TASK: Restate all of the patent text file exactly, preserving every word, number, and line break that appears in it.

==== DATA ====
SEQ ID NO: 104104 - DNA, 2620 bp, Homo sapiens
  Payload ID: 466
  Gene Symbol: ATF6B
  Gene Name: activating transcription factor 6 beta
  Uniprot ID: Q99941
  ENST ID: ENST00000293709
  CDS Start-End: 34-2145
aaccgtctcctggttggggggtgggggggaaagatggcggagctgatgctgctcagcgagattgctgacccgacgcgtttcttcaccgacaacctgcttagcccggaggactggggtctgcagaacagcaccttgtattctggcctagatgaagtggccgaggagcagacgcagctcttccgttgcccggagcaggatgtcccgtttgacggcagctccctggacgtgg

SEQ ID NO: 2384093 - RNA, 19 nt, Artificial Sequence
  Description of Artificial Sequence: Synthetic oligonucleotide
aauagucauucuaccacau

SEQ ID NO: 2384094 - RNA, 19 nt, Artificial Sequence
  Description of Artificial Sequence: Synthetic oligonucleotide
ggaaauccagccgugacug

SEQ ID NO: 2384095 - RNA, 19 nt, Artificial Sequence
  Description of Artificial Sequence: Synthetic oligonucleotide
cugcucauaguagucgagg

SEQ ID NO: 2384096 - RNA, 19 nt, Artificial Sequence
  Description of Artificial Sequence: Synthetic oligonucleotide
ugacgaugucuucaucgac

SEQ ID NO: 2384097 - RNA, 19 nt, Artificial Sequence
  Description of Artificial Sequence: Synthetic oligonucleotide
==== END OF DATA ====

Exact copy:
SEQ ID NO: 104104 - DNA, 2620 bp, Homo sapiens
  Payload ID: 466
  Gene Symbol: ATF6B
  Gene Name: activating transcription factor 6 beta
  Uniprot ID: Q99941
  ENST ID: ENST00000293709
  CDS Start-End: 34-2145
aaccgtctcctggttggggggtgggggggaaagatggcggagctgatgctgctcagcgagattgctgacccgacgcgtttcttcaccgacaacctgcttagcccggaggactggggtctgcagaacagcaccttgtattctggcctagatgaagtggccgaggagcagacgcagctcttccgttgcccggagcaggatgtcccgtttgacggcagctccctggacgtgg

SEQ ID NO: 2384093 - RNA, 19 nt, Artificial Sequence
  Description of Artificial Sequence: Synthetic oligonucleotide
aauagucauucuaccacau

SEQ ID NO: 2384094 - RNA, 19 nt, Artificial Sequence
  Description of Artificial Sequence: Synthetic oligonucleotide
ggaaauccagccgugacug

SEQ ID NO: 2384095 - RNA, 19 nt, Artificial Sequence
  Description of Artificial Sequence: Synthetic oligonucleotide
cugcucauaguagucgagg

SEQ ID NO: 2384096 - RNA, 19 nt, Artificial Sequence
  Description of Artificial Sequence: Synthetic oligonucleotide
ugacgaugucuucaucgac

SEQ ID NO: 2384097 - RNA, 19 nt, Artificial Sequence
  Description of Artificial Sequence: Synthetic oligonucleotide